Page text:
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People v. Cline

DECEMBER 13, 1972.

THE PEOPLE OF THE STATE OF ILLINOIS, PLAINTIFF-RESPONDENT,

v.

JOHN ABNER CLINE, DEFENDANT-PETITIONER.



APPEAL from the Circuit Court of Sangamon County; the Hon. HOWARD LEE WHITE, Judge, presiding. MR. JUSTICE TRAPP DELIVERED THE OPINION OF THE COURT:

Defendant appeals his conviction of burglary upon a jury verdict. Sentence of one to three years was imposed.

Issues raised upon review include: (1) The sufficiency of proof of guilt beyond a reasonable doubt; (2) error in permitting testimony of out-of-court statements of a co-indictee; (3) error in refusing to permit the testimony of an alibi witness not named in defendant's answer to the State's motion, and (4) prejudicial argument.

Defendant was indicted for burglary together with Mariner and Casper. Each of the latter pleaded guilty and they testified for the prosecution. In brief, they testified that the trio left a bowling alley at about 11:00 P.M. on January 6, 1970, and drove in defendant's car to the premises of the burgled company. Mariner and defendant entered the premises while Casper was to drive around in the car and pick them up. It appears that about 11:30 P.M., a silent alarm brought deputy sheriffs in two cars. The first, Goveia, placed his car outside of the fenced premises to throw light upon the rear and one side of the building, and Tuttle and Mayberry drove on to the lot and entered the building. Mariner was captured there. Defendant was arrested at his home at 3:00 A.M. The abstract does not show any facts upon the arrest of Casper.

Defendant testified that he left the bowling alley at 11:00 P.M. with Casper and Mariner, that they let him out at a "truck stop", adequately identified in the evidence, and took his car to go look for a truck part. He met Linda Amberg by prearrangement and was at this place with her and one Landreth until 12:30 A.M. He then left with Amberg and parked until 1:30 A.M. Landreth, a fellow employee, testified to the meeting at the truck stop.

• 1 Upon the issue of proof of guilt beyond a reasonable doubt, counsel's argument is directed essentially to matters of witness credibility. There is, of course, a conflict in the evidence, and matters of testimony which are argued as inconsistent. Such questions of credibility and consistency of facts is essentially a matter for jury determination after hearing and seeing the witnesses. Upon review we have found nothing which requires reversal as a matter of law.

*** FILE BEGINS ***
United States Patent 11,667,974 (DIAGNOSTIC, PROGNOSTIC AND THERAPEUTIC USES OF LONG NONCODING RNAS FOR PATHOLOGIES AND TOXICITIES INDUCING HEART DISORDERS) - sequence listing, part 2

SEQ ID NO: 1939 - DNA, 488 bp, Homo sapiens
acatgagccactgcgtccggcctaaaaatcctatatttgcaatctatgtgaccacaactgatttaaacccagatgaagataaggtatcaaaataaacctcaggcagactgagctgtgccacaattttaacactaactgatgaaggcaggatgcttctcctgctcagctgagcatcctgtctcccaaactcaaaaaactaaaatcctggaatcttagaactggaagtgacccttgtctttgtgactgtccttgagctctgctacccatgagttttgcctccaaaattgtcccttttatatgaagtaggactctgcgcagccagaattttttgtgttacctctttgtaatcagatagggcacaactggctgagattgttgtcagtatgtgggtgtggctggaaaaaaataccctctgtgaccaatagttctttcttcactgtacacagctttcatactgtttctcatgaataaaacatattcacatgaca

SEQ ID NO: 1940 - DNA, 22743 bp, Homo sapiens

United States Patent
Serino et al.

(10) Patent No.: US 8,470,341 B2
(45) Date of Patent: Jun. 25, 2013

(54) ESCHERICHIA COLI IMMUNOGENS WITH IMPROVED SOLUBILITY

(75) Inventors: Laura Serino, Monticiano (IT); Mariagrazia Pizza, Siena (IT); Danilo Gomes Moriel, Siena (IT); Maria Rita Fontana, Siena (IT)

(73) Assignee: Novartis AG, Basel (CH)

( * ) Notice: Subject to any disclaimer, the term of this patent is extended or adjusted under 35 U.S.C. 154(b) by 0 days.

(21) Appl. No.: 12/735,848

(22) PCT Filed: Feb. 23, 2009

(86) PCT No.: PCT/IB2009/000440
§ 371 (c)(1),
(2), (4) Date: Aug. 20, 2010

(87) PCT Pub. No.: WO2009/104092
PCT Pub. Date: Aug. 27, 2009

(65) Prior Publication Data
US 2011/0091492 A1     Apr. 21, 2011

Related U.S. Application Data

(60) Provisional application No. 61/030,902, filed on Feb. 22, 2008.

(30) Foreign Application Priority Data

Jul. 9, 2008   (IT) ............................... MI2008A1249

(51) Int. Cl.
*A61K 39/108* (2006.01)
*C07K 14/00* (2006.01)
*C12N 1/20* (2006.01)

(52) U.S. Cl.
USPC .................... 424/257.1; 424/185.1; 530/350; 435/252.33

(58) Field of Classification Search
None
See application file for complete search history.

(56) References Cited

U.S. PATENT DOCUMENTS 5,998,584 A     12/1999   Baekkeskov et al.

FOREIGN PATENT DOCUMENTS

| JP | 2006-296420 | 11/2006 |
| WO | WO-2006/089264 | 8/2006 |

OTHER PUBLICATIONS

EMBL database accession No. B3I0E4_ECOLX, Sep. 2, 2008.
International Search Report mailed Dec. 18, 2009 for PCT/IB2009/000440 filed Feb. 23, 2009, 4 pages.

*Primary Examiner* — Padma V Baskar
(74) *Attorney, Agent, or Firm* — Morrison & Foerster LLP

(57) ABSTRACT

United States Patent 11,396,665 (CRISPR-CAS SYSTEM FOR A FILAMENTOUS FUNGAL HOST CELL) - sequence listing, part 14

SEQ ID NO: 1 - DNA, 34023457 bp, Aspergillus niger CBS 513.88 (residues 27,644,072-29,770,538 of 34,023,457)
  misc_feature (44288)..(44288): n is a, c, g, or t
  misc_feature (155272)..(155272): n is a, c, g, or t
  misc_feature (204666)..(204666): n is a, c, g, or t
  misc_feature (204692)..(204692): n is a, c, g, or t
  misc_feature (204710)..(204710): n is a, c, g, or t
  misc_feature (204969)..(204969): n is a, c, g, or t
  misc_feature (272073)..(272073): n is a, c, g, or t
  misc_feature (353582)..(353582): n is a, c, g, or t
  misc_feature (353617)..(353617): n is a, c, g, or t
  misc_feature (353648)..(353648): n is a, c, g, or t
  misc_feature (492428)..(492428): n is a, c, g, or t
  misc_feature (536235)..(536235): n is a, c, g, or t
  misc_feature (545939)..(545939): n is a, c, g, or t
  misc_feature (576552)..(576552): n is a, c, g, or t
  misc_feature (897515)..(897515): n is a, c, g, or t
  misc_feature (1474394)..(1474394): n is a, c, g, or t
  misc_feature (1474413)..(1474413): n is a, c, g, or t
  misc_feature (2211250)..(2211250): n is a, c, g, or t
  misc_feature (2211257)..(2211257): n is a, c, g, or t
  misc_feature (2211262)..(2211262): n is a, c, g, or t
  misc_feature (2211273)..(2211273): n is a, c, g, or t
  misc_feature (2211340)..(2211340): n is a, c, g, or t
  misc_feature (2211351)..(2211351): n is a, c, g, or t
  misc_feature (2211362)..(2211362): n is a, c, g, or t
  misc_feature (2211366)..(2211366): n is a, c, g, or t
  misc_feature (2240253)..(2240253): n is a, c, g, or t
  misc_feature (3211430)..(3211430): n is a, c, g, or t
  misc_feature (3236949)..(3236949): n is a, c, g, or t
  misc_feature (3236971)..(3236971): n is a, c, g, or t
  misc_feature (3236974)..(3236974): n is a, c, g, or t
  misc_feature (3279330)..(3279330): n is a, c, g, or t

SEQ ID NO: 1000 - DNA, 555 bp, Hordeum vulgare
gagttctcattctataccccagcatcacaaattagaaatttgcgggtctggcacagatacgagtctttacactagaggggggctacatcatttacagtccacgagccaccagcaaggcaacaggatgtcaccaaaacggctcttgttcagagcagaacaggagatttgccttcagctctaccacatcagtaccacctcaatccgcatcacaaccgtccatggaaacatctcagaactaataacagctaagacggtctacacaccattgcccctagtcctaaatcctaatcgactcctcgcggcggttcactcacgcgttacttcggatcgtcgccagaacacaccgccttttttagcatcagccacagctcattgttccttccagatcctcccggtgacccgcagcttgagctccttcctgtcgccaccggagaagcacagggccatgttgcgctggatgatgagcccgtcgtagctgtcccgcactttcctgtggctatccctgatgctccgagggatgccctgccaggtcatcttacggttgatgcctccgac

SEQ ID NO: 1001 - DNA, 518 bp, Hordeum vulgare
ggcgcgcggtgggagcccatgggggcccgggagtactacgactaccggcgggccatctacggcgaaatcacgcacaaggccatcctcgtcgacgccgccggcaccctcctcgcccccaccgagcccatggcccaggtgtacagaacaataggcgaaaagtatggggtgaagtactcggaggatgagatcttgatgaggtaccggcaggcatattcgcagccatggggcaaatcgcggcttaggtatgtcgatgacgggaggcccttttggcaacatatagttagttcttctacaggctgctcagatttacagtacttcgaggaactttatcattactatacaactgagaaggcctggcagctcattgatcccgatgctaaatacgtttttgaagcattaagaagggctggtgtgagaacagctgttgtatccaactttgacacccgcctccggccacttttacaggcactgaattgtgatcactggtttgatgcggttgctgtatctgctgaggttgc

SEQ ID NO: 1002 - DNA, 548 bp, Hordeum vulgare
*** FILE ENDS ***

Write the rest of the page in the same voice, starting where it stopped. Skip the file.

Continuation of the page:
Defendant urges that the court erred in admitting into evidence hearsay testimony which implicated defendant. Following the testimony and cross-examination of Mariner and Casper, a deputy, Tuttle, testified to the search of the premises and the arrest of Mariner, and that as an incident to the on-site investigation, Mariner named defendant as having been in the building. No objection to such testimony appears in the abstract.

We have examined the principal authorities argued by defendant. In People v. Barragan, 337 Ill. 531, 169 N.E. 180, and People v. Tunstall, 17 Ill.2d 160, 161 N.E.2d 300, co-defendants called by the prosecution as witnesses denied that the defendant participated in the crime. In People v. Hundley, 4 Ill.2d 244, 122 N.E.2d 568; People v. Newman, 30 Ill.2d 419, 197 N.E.2d 12; People v. McKee, 39 Ill.2d 265, 235 N.E.2d 625, and People v. Tate, 30 Ill.2d 400, 197 N.E.2d 26, the witnesses called by the State were made court's witnesses when they denied defendant's connection with the offense. In each, hearsay testimony asserted to be impeaching was introduced which had the effect of proving defendant guilty. In most cases, there was objection to the evidence and also a failure to instruct the jury that the testimony was limited to the question of the credibility of the witnesses. See People v. Bacon, 2 Ill. App.3d 324, 276 N.E.2d 782, and People v. Tate, supra.

The facts in this case are substantially different in that the witnesses who participated in the crime had testified and had been cross-examined. Hearsay in the aspect of impeachment is not present.

The hearsay issue presented here is to be determined upon the principles stated in People v. Carpenter, 28 Ill.2d 116, 121, 190 N.E.2d 38, 741 where the court said:

"The fundamental purpose of the hearsay rule was and is to test the real value of testimony by exposing the source of the assertion to cross-examination by the party against whom it is offered."

In People v. Poole, 121 Ill. App.2d 233, 257 N.E.2d 583, the court said:

"The fundamental purpose of the rule against hearsay is the exclusion from evidence of those out-of-court assertions whose real value cannot be determined because the source of the assertion cannot be cross-examined by the party against whom it is being offered. [Citations omitted.] Hence it is the opportunity for cross-examination of the out-of-court declarant, whose assertion is being offered, that is the essential feature without which the assertion must be rejected."

• 2 Here, Mariner had been sworn and had been cross-examined. The purpose of the hearsay rule has been satisfied and the testimony of Tuttle does not require reversal. (See People v. Keller, 128 Ill. App.2d 401, 263 N.E.2d 127, and People v. Hoffmann, 124 Ill. App.2d 192, 260 N.E.2d 351.) Upon the facts here present, this conclusion is consistent with the rule in People v. Collins, 49 Ill.2d 179, 274 N.E.2d 77.

We have examined the arguments of respective counsel. Defendant's complaint of the argument of the State's Attorney that defendant claimed a "monstrous plot" by the prosecutor and police to put an innocent man in jail is shown in the abstract to be an argument by the State in response to the defendant's argument. Other argument complained of had the same quality, and we do ...


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